33. Jessop, Bob. 1982. The Capitalist State. Marxist Theories and Methods. Oxford: Martin Robertson.Google Scholar
  34. Kastl, Jörg Michael. 2004. Habitus als non-deklaratives Gedächtnis: Zur Relevanz der neuropsychologischen Amnesieforschung für die Soziologie. Sozialer Sinn. Zeitschrift für hermeneutische Sozialforschung 2004 (2): 195–226.Google Scholar
  35. Kemp, Wolfgang. 1985. Der Betrachter ist im Bild: Kunstwissenschaft und Rezeptionsästhetik. Köln: DuMont.Google Scholar
  36. Kriesi, Hanspeter. 1989. New Social Movements and the New Class in the Netherlands. American Journal of Sociology 94 (5): 1078–1116.CrossRefGoogle Scholar
  37. Kumkar, Nils C. 2014. Events of Emancipation and Spectacles of Discontent. How the Tea Party and Occupy Wall Street ‘happened’. In Protests as Events. Politics, Activism and Leisure, ed. R. Ian Lamond and Karl Spracklen, 211–231. London/New York: Rowman & Littlefield.Google Scholar
  38. Lacan, Jaques. 1996. Die vier Grundbegriffe der Psychoanalyse. Weinheim: Quadriga.Google Scholar
  39. Langman, Lauren. 2013. Occupy: A New New Social Movement. Current Sociology 61 (4): 510–524.CrossRefGoogle Scholar
  40. Lévi-Strauss, Claude. 1977. Strukturale Anthropologie I. Frankfurt am Main: Suhrkamp.Google Scholar
  41. Lorenzer, Alfred. 1972. Sprachzerstörung und Rekonstruktion: Vorarbeiten zu einer Metatheorie der Psychoanalyse. Frankfurt am Main: Suhrkamp.Google Scholar
  42. Marx, Karl. 1969. Das Kapital 1. MEW 23. Berlin: Dietz.Google Scholar
  43. Milkman, Ruth, Stephanie Luce, and Penny Lewis. 2013. Changing the Subject: A Bottom-Up Account of Occupy Wall Street in New York City. New York: Joseph S. Murphy Institute for Worker Education and Labor Studies. https://www.documentcloud.org/documents/562862-changing-the-subject-2.html. Accessed 30 Oct 2017.
  44. Nietzsche, Friedrich. 2002. Beyond Good and Evil: Prelude to a Philosophy of the Future. Cambridge: Cambridge University Press.Google Scholar
  45. Ogman, Robert. 2013. After the Evictions: The U.S. Occupy Movement Struggling at the Front Lines of the Crisis. Socialistproject.ca, November 6. http://www.socialistproject.ca/bullet/895.php. Accessed 30 Oct 2017.
  46. Olesen, Henning Salling, and Kirsten Weber. 2012. Socialization, Language, and Scenic Understanding. Alfred Lorenzer’s Contribution to a Psycho-Societal Methodology. Forum Qualitative Sozialforschung/Forum: Qualitative Social Research 13 (3). http://www.qualitative-research.net/index.php/fqs/article/view/1906
  47. Panofsky, Erwin. 1955. Meaning in the Visual Arts: Papers in and on Art History. New York: Doubleday Anchor Books.Google Scholar
  48. Pfaller, Robert. 2002. Die Illusionen der anderen: Über das Lustprinzip in der Kultur. Frankfurt am Main: Suhrkamp.Google Scholar
  49. Poletta, Francesca. 2006. It Was Like a Fever. Storytelling in Protest and Politics. Chicago/London: The University of Chicago Press.CrossRefGoogle Scholar
  50. Prager, Jeffrey. 2014. Melancholia and the Racial Order: A Psychosocial Analysis of America’s Enduring Racism. In The Unhappy Divorce of Sociology and Psychoanalysis: Diverse Perspectives on the Psychosocial, ed. Lynn Chancer and John Andrews, 284–316. Basingstoke/New York: Palgrave Macmillan.CrossRefGoogle Scholar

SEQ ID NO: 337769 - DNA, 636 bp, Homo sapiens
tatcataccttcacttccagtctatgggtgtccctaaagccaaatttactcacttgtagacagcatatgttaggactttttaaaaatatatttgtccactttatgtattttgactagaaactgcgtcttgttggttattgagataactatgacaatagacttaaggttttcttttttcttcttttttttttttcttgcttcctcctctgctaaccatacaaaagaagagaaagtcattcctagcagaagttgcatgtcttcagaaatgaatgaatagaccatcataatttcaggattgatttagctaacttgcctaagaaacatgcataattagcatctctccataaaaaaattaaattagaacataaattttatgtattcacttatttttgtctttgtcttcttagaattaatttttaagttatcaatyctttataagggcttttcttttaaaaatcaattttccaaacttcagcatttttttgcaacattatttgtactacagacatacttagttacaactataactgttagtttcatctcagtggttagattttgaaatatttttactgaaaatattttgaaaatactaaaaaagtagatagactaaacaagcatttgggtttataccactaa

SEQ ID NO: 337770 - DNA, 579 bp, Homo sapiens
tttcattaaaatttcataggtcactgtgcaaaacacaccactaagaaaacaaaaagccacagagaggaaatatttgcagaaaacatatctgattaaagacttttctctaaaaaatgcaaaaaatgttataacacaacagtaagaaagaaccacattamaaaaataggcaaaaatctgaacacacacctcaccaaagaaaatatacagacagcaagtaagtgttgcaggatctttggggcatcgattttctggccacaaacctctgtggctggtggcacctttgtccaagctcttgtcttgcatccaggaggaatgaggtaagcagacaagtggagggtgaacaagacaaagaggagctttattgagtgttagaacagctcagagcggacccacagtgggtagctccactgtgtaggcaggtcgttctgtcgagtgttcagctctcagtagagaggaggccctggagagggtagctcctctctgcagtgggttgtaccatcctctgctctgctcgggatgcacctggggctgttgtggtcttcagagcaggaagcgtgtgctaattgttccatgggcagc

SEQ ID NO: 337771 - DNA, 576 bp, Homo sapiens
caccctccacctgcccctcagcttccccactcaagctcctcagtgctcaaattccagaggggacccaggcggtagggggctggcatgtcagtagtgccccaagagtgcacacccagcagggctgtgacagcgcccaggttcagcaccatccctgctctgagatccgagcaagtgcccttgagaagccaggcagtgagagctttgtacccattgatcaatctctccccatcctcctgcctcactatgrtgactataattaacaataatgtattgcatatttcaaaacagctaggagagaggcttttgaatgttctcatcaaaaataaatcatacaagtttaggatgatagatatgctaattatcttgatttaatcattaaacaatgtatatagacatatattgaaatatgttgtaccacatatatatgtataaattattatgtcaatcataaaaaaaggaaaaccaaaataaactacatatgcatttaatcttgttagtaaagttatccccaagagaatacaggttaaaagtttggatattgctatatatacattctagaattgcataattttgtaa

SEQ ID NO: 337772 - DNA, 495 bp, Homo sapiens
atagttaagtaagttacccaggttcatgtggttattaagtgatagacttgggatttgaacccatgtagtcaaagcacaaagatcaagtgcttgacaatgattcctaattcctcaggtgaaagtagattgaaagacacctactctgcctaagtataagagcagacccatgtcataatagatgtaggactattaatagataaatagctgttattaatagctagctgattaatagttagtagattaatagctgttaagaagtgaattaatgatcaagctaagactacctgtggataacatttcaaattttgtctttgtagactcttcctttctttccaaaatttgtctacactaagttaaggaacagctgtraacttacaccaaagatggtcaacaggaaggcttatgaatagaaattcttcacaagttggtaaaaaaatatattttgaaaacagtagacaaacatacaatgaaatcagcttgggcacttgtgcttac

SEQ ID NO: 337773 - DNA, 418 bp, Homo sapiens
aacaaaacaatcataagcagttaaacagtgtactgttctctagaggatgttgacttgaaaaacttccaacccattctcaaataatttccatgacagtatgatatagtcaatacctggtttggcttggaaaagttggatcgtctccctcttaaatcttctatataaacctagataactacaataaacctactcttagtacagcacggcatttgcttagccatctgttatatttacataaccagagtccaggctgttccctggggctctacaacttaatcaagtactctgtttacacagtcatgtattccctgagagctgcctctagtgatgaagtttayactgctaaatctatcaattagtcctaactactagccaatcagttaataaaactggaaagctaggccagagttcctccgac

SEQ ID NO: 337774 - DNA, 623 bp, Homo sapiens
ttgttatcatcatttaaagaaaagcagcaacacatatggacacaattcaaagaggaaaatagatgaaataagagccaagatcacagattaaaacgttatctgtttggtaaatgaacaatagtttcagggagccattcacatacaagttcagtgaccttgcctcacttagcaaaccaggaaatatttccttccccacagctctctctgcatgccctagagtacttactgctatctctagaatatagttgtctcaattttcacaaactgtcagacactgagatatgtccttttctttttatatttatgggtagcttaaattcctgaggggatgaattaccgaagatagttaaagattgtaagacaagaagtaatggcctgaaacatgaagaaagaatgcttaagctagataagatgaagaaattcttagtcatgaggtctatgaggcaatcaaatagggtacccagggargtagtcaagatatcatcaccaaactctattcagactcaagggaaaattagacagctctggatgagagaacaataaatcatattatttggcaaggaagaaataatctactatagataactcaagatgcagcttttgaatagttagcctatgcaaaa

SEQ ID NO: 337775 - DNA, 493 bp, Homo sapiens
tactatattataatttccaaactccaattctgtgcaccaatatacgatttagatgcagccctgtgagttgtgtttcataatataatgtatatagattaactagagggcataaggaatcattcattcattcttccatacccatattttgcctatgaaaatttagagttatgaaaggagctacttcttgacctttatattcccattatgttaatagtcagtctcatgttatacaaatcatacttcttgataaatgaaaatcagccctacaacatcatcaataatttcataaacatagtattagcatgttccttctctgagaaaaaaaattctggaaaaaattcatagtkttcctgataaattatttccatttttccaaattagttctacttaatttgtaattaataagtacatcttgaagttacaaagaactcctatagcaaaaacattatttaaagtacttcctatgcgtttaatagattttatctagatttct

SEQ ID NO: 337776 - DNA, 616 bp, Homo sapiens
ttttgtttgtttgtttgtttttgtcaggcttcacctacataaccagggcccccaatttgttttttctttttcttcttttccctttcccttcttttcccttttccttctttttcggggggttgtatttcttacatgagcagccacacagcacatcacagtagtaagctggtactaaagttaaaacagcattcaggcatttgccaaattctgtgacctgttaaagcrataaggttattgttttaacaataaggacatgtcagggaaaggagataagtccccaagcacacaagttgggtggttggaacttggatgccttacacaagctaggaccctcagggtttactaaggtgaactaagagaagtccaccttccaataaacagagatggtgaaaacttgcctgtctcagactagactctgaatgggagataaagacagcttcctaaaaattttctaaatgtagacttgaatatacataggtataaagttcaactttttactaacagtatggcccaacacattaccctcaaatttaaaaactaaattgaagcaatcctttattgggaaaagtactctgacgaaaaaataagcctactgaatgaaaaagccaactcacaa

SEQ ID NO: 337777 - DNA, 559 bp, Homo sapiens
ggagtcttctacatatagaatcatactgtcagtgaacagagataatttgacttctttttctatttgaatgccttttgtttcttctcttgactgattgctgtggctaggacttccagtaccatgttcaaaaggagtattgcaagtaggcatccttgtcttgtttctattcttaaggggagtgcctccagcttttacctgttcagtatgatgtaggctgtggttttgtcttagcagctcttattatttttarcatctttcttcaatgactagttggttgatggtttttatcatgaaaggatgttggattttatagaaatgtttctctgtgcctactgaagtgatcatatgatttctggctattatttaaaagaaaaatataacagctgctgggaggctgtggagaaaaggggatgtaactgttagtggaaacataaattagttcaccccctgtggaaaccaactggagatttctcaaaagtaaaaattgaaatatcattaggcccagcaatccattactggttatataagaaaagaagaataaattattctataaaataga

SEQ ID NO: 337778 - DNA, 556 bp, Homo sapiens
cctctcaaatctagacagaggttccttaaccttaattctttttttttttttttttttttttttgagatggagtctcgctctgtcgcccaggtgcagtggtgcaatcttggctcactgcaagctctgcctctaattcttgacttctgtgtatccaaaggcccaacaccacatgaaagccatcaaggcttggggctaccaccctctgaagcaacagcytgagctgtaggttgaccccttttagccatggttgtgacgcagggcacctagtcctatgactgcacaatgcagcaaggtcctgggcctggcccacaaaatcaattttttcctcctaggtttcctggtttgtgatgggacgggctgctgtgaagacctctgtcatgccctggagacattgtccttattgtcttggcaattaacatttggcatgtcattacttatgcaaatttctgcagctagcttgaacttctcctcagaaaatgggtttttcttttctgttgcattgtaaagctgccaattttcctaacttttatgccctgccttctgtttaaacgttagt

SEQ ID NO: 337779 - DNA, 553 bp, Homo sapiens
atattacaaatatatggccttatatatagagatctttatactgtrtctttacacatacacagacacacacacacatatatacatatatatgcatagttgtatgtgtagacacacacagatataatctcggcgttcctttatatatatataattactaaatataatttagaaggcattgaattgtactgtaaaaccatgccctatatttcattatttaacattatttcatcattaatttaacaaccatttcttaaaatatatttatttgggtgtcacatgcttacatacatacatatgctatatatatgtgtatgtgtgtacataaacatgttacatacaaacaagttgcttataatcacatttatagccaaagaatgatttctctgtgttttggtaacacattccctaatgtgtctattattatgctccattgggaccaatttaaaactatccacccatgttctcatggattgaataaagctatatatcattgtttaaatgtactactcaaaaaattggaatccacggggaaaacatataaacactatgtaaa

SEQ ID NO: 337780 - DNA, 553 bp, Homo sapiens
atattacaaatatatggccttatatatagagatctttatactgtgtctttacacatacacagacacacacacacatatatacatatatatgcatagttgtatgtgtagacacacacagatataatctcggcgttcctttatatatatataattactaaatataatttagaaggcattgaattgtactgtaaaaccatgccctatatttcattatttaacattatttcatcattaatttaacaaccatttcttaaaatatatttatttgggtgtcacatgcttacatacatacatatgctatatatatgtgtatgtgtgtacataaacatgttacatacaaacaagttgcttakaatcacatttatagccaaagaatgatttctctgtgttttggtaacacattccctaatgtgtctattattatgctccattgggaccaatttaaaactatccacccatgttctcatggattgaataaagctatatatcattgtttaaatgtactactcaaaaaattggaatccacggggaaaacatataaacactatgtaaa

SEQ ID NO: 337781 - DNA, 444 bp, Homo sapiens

51. Przyborski, Aglaja. 2004. Gesprächsanalyse und dokumentarische Methode: Qualitative Auswertung von Gesprächen, Gruppendiskussionen und anderen Diskursen. Wiesbaden: Springer.CrossRefGoogle Scholar
  52. Przyborski, Aglaja, and Thomas Slunecko. 2012. Linie und Erkennen: Die Linie als Instrument sozialwissenschaftlicher Bildinterpretation. Journal Für Psychologie 20 (3). http://www.journal-fuer-psychologie.de/index.php/jfp/article/view/239. Accessed 30 Oct 2017.
  53. Rohter, Larry. 2008. Plumber from Ohio Is Thrust into Spotlight. The New York Times, October 16. http://www.nytimes.com/2008/10/16/us/politics/16plumber.html. Accessed 30 Oct 2017.
  54. Rose, Fred. 1997. Toward a Class-Cultural Theory of Social Movements: Reinterpreting New Social Movements. Sociological Forum 12 (3): 461–494.CrossRefGoogle Scholar
  55. Schneider, Nathan. 2013. Thank You, Anarchy: Notes from the Occupy Apocalypse. Berkeley: University of California Press.Google Scholar
  56. Schütz, Alfred. 1981. Der sinnhafte Aufbau der sozialen Welt: Eine Einleitung in die verstehende Soziologie. Frankfurt am Main: Suhrkamp.Google Scholar
  57. Schütz, Alfred, and Thomas Luckmann. 1984. Strukturen Der Lebenswelt. Frankfurt am Main: Suhrkamp.Google Scholar
  58. Skousen, W. Cleon. 2009. The Five Thousand Year Leap: 28 Great Ideas That Changed the World. Franklin: American Documents.Google Scholar
  59. Snow, David A., E. Burke Rochford Jr., Steven K. Worden, and Robert D. Benford. 1986. Frame Alignment Processes, Micromobilization, and Movement Participation. American Sociological Review 51 (4): 464–481.CrossRefGoogle Scholar
  60. Sunshine, Spencer. 2014. The Right Hand of Occupy Wall Street: From Libertarians to Nazis, the Fact and Fiction of Right-Wing Involvement, February 23. http://www.politicalresearch.org/2014/02/23/the-right-hand-of-occupy-wall-street-from-libertarians-to-nazis-the-fact-and-fiction-of-right-wing-involvement/#. Accessed 30 Oct 2017.
  61. Taylor, Blair. 2013. From Alterglobalization to Occupy Wall Street: Neoanarchism and the New Spirit of the Left. City: Analysis of Urban Trends, Culture, Theory, Policy, Action 17 (6): 729–747.CrossRefGoogle Scholar
  62. “This Is Not a Protest, This Is a Process.” 2011. Printed Ephemera Collection, PE.029, Box 25, Pat de Angelis Donation. Tamiment Archive, New York City.Google Scholar
  63. Thompson, Michael J. 2012. Suburban Origins of the Tea Party: Spatial Dimensions of the New Conservative Personality. Critical Sociology 38 (4): 511–528.CrossRefGoogle Scholar
  64. Zernike, Kate. 2010. Movement of the Moment Looks to Long-Ago Texts. The New York Times, October 1. http://www.nytimes.com/2010/10/02/us/politics/02teaparty.html. Accessed 30 Oct 2017.

Copyright information

© The Author(s) 2018

Authors and Affiliations

  • Nils C. Kumkar
    • 1
  1. 1.University of BremenBremenGermany

Personalised recommendations